MEPS 124:89-103 (1995)  -  doi:10.3354/meps124089

Habitat partitioning and thermal tolerance in a tropical limpet, Cellana grata

Williams GA, Morritt D

Populations of the tropical limpet Cellana grata Gould were studied on exposed shores around Cape d'Aguilar, Hong Kong. C. grata is a high shore species, the zonation pattern of which varies seasonally, shifting downwards in association with increasing summer temperatures. C. grata is a non-homing species and was active (foraging) whilst awash by the tide, moving up and down the shore with the flood and ebb tides, respectively. Limpets moved up to 1 m in the vertical plane over a tidal cycle. When not foraging limpets took refuge in habitats that reduced the effects of high temperature and desiccation stress. Temperature measurements of individuals and their physical environment showed that the quality of these refuges varied both spatially and temporally. Horizontal rock surfaces were hotter than vertical surfaces; limpet body temperatures and habitat temperatures in refuges (crevices, pool interfaces and east-facing vertical surfaces) were consistantly cooler than adjacent habitats by 3 to 8*C and limpet body temperatures were usually 2*C warmer than the rock they rested on. Experimental manipulations with specimens restrained 0.5 m above their normal resting height or on horizontal rock surfaces and prevented from returning to refuges caused desiccation, osmotic stress and, in many cases, death as a consequence of prolonged emersion in these sub-optimalhabitats. Individuals on horizontal surfaces lost water more rapidly than those on vertical surfaces and showed higher mortality. C. grata does not adopt many of the behavioural adaptions to reduce heat stress shown by other gastropod species. It does, however, exhibit 'mushrooming' behaviour, lifting its shell from the rock surface, although the exact benefits of this behaviour are unclear. Summer physical extremes may strongly select for limpet activity rhythms entrained by wave splash and the selection of refuges from high temperatures and desiccation when inactive. Variation in the quality of these refuges can lead to selective mortality during very hot periods.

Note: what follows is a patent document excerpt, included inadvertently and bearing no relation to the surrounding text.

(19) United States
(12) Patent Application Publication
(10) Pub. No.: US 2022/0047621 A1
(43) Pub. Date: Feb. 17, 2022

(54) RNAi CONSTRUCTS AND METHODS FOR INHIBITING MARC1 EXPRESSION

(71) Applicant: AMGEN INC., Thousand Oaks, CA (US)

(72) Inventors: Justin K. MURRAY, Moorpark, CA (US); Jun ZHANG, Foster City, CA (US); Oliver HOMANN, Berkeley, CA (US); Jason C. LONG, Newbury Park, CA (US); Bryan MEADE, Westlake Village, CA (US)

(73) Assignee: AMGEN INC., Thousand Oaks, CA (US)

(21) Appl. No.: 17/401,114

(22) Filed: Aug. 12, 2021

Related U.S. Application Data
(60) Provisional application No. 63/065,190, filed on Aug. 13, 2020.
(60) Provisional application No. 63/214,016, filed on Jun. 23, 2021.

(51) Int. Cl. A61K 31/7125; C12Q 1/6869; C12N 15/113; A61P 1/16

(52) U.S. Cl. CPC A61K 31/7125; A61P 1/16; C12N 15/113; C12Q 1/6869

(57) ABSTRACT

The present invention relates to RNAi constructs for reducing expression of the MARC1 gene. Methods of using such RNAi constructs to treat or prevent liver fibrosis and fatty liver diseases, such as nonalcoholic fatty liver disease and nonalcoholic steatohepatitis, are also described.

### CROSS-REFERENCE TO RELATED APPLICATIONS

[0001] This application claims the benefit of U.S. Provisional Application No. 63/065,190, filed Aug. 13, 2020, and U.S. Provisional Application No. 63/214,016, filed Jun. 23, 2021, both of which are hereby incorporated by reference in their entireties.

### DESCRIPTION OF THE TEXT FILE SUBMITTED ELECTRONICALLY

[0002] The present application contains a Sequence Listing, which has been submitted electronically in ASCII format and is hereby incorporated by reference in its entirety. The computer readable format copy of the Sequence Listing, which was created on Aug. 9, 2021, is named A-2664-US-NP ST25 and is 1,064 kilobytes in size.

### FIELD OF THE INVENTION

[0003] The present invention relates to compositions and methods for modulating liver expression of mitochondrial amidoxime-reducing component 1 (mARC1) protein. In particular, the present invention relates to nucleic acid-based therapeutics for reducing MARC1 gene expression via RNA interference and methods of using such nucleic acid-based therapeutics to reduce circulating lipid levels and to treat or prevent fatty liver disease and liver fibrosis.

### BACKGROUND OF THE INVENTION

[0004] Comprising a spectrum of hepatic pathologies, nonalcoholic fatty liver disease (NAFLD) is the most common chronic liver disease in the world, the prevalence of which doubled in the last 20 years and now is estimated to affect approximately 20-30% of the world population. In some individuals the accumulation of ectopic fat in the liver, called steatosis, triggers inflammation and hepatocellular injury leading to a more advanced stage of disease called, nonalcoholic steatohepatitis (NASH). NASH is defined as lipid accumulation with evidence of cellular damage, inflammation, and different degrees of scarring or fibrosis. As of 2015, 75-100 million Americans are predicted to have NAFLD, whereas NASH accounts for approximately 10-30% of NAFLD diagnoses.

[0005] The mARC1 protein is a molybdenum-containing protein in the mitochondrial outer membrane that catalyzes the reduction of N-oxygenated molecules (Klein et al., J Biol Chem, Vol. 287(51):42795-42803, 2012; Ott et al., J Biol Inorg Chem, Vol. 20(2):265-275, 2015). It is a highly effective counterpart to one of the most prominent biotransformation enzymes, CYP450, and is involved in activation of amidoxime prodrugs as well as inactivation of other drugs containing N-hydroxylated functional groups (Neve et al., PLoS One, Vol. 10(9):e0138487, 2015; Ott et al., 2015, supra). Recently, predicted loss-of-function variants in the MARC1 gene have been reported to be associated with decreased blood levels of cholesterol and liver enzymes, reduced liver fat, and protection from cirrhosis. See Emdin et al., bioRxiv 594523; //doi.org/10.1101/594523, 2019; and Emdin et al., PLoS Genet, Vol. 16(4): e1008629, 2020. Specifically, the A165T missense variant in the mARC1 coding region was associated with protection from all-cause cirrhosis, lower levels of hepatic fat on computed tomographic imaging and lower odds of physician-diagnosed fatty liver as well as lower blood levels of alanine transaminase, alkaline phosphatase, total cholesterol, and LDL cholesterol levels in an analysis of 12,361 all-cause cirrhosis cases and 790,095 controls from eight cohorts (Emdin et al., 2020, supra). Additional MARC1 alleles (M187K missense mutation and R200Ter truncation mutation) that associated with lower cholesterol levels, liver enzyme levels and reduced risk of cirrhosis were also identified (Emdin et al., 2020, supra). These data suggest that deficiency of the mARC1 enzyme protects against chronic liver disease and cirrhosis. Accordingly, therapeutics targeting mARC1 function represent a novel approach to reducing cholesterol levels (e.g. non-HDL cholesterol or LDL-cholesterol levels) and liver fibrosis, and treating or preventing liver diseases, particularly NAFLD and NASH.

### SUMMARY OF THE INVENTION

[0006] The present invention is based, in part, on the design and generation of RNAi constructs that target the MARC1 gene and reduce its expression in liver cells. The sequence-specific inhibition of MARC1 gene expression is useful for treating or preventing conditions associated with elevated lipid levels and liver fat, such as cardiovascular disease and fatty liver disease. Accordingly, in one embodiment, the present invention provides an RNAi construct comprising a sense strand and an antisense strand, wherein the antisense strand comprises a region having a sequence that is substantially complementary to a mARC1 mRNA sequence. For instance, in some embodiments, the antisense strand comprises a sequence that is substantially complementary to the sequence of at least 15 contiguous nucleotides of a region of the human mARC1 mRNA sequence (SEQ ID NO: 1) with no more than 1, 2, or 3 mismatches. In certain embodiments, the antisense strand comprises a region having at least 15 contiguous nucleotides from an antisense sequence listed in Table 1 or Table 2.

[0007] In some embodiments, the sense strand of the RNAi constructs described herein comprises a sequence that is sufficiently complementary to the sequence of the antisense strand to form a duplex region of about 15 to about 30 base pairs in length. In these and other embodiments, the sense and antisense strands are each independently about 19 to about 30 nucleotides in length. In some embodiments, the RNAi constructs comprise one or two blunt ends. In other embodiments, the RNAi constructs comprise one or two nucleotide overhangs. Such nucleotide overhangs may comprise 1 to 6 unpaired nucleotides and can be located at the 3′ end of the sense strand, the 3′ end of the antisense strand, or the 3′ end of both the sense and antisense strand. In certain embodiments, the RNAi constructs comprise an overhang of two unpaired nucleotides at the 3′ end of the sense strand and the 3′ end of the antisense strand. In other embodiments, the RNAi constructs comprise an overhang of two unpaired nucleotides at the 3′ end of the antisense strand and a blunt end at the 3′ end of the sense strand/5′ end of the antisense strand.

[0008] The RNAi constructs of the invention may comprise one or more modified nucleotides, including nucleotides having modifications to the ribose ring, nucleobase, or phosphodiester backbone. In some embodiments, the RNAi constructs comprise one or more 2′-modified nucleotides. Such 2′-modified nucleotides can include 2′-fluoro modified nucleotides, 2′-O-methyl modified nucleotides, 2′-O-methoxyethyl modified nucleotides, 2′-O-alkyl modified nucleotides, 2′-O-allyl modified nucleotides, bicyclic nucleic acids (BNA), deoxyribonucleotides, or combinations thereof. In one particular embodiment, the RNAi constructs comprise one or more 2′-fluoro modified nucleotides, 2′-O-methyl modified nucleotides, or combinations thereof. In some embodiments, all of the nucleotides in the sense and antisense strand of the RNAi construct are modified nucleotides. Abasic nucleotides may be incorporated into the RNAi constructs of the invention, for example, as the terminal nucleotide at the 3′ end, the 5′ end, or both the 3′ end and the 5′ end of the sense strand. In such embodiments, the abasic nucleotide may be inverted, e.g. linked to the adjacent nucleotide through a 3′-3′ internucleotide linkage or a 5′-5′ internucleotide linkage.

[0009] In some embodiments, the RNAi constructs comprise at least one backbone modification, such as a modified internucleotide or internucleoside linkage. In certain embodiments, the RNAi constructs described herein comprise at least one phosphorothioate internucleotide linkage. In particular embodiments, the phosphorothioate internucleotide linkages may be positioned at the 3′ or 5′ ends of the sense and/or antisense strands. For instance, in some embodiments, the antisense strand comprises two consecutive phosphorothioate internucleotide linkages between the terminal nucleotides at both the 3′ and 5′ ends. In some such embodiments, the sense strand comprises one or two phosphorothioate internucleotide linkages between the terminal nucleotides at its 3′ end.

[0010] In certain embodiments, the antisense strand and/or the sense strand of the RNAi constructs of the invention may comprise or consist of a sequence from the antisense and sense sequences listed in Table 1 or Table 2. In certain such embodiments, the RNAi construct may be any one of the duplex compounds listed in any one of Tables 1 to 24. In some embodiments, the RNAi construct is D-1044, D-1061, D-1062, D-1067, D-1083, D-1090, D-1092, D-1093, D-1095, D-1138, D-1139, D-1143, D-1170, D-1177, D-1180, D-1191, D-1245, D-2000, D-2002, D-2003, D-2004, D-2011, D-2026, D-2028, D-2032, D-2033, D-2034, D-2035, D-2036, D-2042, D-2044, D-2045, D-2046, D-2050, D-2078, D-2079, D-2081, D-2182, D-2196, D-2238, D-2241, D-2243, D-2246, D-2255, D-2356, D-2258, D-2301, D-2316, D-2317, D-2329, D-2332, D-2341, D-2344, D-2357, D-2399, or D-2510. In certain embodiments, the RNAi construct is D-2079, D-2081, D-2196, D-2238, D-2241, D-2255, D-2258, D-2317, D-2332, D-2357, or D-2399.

Limpet . Habitat partitioning . Desiccation . Behaviour . Temperature . Tropical rocky shore


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